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Intn’l Day of Education: Save the Children calls for increased funding




CHILD rights organisation Save the Children (SCI) has called on the Nigerian government to increase funding for the educational sector.

The organisation also condemned the rising number of out-of-school children in a statement released on Tuesday, January 24 to commemorate the International Day of Education.

It urged the government to resolve the literacy crisis plaguing the country.

“Save the Children International (SCI) Nigeria calls upon the government to ensure accessible, inclusive, safe, quality and free primary and secondary education that promotes lifelong learning opportunities for all children to realise and release their full potentials.

“To this end, we reiterate our demands for the Nigerian government’s fulfilment of H.E. President Muhammadu Buhari’s commitment at the GPE Global Education Summit to increase education funding to 14% by 2022, 16.7% in 2023, 20% by 2024, and 22.5% by 2025,” the statement signed by Media and Communications Manager Kunle Olawoyin, said.

The organisation also called for the implementation of the National Plan on Financing Safe Schools to guarantee safety of staff and students.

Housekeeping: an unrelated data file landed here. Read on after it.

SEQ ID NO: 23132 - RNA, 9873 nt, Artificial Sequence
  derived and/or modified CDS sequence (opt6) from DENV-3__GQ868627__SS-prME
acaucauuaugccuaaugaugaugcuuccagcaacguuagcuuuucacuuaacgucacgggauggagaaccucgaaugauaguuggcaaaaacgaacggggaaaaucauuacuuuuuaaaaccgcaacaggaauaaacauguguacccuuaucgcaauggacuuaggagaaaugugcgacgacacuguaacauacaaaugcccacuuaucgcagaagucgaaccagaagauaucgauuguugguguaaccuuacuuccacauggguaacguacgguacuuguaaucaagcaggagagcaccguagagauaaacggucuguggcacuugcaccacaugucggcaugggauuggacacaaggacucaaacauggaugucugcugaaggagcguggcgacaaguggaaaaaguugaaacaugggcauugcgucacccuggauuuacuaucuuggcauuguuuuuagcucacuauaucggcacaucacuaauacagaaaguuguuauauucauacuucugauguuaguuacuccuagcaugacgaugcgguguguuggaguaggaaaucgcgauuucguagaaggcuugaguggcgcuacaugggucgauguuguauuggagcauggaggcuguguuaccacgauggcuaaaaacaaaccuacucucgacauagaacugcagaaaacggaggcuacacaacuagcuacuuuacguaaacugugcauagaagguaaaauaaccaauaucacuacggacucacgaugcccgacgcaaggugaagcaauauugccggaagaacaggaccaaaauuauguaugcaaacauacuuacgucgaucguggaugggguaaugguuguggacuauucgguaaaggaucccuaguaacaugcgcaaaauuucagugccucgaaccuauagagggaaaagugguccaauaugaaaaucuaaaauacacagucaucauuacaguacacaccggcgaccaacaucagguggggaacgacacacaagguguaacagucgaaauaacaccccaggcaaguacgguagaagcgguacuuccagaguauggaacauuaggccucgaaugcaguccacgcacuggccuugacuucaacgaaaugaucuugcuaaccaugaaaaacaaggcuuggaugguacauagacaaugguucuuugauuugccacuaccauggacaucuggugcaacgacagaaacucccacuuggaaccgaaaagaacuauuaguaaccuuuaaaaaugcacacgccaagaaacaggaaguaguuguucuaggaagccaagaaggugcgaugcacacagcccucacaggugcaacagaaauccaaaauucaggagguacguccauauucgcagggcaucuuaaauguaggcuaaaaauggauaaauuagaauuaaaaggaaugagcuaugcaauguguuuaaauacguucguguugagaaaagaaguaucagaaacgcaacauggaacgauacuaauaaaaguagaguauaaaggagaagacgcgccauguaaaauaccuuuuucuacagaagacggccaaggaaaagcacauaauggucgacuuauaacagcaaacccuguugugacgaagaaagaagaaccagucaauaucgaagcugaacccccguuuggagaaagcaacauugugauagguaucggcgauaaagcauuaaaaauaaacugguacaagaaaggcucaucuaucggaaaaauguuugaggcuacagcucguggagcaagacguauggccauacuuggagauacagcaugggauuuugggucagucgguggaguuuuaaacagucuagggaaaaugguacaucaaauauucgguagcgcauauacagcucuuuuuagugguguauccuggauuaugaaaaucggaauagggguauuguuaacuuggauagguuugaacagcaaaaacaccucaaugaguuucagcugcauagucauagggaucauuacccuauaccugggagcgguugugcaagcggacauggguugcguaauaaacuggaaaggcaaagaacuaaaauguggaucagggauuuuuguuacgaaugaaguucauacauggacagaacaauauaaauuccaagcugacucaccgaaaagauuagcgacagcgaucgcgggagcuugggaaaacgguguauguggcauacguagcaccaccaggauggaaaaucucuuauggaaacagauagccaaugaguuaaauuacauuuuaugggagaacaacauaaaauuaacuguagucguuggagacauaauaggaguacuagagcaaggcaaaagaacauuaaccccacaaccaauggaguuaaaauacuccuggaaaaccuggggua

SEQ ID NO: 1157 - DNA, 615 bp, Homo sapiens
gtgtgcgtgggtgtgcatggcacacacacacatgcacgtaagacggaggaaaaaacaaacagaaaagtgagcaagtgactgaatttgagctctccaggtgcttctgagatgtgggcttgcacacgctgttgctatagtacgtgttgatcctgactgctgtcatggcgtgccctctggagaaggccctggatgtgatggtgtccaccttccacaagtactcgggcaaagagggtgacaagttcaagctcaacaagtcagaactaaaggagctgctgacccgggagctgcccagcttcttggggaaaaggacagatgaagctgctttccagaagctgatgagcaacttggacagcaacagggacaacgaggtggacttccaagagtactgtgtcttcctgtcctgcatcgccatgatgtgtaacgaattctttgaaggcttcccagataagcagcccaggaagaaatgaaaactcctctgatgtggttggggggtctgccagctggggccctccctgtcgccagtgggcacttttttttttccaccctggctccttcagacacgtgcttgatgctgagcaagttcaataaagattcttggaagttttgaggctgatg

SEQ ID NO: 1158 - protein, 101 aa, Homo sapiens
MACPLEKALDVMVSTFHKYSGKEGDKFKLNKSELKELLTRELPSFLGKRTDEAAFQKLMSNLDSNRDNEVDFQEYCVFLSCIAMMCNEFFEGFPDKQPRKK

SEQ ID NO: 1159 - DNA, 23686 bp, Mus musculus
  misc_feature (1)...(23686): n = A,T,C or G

SCI noted that funding the education sector would hasten economic growth in the country and harped on the importance of investing in girl-child education.

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“Education has been recognized globally as a veritable and strategic venture pivotal to the economic transformation of any nation. Save the Children urges for the prioritization of girl child education and investing more in it to ensure no one is left behind in the race to agenda 2030.

“Save the Children encourages the training and retraining of teachers to be prioritized so that the children can get better life skills and knowledge required to make their future brighter. Education offers children a ladder out of poverty and a path to a promising future,” the statement added.

Nigeria is battling a literacy crisis with over 20 million out-of-school children, according to the United Nations Educational, Scientific and Cultural Organization (UNESCO).

The ICIR reported that fees demanded by government-owned schools in the FCT are contributing to the rise in the number of out-of-school children in the country. Many parents are unable to afford the cost of education due to harsh economic realities.

Author profile

Ijeoma Opara is a journalist with The ICIR. Reach her via vopara@icirnigeria.org or @ije_le on Twitter.

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